The Lumia 640 also lacks a dedicated camera button, tossing aside one of the Lumia line's signature features. Microsoft seems to have forgotten that its phone explicitly asks you for a numerical PIN to unlock it, which takes time. It took 10 seconds to unlock the phone, launch the app, and take a picture. Compare that to an older Lumia 930, equipped with the quick-launching Lumia Camera feature and a dedicated button — that took just 2.5 seconds to shoot. That's the difference between capturing a baby's first smile and losing her attention entirely.
In addition to the camera button, the Lumia 640 jettisons all other hardware buttons as well. You'll need to swipe up from the bottom just to see the Windows or back buttons. It's a slight annoyance, but nothing too inconvenient.
About the only compromise that feels egregious is the relative lack of onboard storage. At just 8GB, that's already pushing it, compared with the 16GB or 32GB offered by most modern smartphones. And the actual storage amount that's available for use — about 3.54GB, with just Facebook installed — feels tiny, especially if you like to take lots of photos and high-definition video. Still, unlike many phones today, an SD card slot is included, and photos and videos can be backed up to the terabyte of OneDrive storage that comes with that Office 365 subscription. The real concern are apps: You can install an app from an SD card to the phone, but beware of downloading too many games like the 962MB Asphalt 8: Airborne — your available disk space will evaporate quickly.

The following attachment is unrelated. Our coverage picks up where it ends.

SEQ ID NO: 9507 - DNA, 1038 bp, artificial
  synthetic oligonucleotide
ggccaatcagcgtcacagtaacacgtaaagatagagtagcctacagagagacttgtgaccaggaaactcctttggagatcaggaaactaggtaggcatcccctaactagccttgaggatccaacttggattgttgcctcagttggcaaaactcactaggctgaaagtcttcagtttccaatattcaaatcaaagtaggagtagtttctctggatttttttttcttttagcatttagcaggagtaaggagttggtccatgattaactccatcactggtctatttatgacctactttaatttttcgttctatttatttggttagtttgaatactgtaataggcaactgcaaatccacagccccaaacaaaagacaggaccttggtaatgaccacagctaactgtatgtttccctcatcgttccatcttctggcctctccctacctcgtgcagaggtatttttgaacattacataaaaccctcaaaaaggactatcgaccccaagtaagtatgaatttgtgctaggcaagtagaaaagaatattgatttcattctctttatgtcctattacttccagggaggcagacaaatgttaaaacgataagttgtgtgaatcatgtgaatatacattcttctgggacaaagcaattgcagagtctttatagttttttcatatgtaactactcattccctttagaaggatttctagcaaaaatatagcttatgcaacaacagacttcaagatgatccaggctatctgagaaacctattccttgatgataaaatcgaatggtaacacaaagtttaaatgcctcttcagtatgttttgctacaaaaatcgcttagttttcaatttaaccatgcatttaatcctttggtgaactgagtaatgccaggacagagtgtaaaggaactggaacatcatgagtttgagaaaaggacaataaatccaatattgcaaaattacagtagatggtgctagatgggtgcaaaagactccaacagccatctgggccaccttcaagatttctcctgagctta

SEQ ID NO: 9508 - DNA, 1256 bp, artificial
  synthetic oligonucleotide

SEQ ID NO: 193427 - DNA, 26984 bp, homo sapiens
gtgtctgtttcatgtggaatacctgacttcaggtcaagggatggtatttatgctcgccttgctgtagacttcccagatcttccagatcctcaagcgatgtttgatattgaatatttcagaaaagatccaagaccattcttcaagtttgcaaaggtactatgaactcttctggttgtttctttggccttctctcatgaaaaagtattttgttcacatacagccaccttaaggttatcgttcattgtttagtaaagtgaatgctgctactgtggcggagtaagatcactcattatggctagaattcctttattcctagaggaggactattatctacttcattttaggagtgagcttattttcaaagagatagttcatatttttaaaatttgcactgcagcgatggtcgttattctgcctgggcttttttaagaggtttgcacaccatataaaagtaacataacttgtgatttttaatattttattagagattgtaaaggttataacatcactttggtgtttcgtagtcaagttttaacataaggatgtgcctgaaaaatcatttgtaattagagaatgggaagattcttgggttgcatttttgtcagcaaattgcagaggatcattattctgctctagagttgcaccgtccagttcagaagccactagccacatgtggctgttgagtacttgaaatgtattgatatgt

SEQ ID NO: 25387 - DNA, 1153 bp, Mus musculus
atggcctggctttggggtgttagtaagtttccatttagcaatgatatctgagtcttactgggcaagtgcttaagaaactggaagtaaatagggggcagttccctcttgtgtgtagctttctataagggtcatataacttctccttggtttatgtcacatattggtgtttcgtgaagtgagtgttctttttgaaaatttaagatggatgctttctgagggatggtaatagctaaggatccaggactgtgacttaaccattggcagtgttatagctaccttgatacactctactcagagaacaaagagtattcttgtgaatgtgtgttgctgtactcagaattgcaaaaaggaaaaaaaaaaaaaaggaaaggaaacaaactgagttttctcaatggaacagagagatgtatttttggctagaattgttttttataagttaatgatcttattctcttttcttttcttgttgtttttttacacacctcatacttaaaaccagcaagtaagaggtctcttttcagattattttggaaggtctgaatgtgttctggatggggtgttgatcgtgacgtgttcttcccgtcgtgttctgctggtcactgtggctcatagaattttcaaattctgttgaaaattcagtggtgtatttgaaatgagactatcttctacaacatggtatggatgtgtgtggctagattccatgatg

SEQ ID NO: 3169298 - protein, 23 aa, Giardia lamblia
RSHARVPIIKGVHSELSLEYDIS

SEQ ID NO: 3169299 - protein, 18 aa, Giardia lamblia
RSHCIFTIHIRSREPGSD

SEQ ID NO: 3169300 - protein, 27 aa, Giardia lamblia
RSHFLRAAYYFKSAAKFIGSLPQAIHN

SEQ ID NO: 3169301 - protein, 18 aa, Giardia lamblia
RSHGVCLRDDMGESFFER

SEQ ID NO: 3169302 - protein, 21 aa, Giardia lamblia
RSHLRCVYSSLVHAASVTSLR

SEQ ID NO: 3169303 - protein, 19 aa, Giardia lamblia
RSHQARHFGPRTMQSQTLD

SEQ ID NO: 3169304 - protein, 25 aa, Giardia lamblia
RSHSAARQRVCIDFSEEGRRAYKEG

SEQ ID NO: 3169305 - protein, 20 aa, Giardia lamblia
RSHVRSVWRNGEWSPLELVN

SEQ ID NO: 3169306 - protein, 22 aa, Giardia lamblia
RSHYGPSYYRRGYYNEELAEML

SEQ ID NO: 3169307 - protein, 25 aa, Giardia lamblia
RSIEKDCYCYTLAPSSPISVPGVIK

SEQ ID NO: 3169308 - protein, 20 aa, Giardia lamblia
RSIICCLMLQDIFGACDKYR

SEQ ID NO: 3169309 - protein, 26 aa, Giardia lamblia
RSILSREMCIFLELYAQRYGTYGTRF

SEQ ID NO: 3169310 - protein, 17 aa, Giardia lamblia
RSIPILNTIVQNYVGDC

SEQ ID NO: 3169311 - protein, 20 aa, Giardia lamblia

Battery life, however, has improved, in part due to the larger 2,500mAh battery that Microsoft included. That's good enough for 36 days of standby time, 17.5 hours of 3G talk time, and 10.8 hours of browsing via Wi-Fi, according to Microsoft. It easily cruised through a day's use.
Windows Phone 8.1 Update 2 adds order
With Microsoft releasing test builds of Windows 10 Mobile every few weeks, playing with an update to Windows Phone 8 is a bit surreal. After all, there's nothing stopping you from freely downloading the next stage in Windows Phone's evolution. Unfortunately, you can't use this phone with the upcoming, PC-emulating Continuum for Windows 10 Mobile, as that it will require new hardware. (The Lumia 640 will support Windows 10, just not Continuum.)
You'll appreciate the little touches that Windows Phone 8.1 Update 2 offers, though they're not monumental enough to sell the phone by themselves. If nothing else, you'll appreciate that the Settings menu finally has some rhyme and reason to it — and if you still can't find what you're looking for, a new dedicated search button should solve the problem.
Sign up for Computerworld eNewsletters.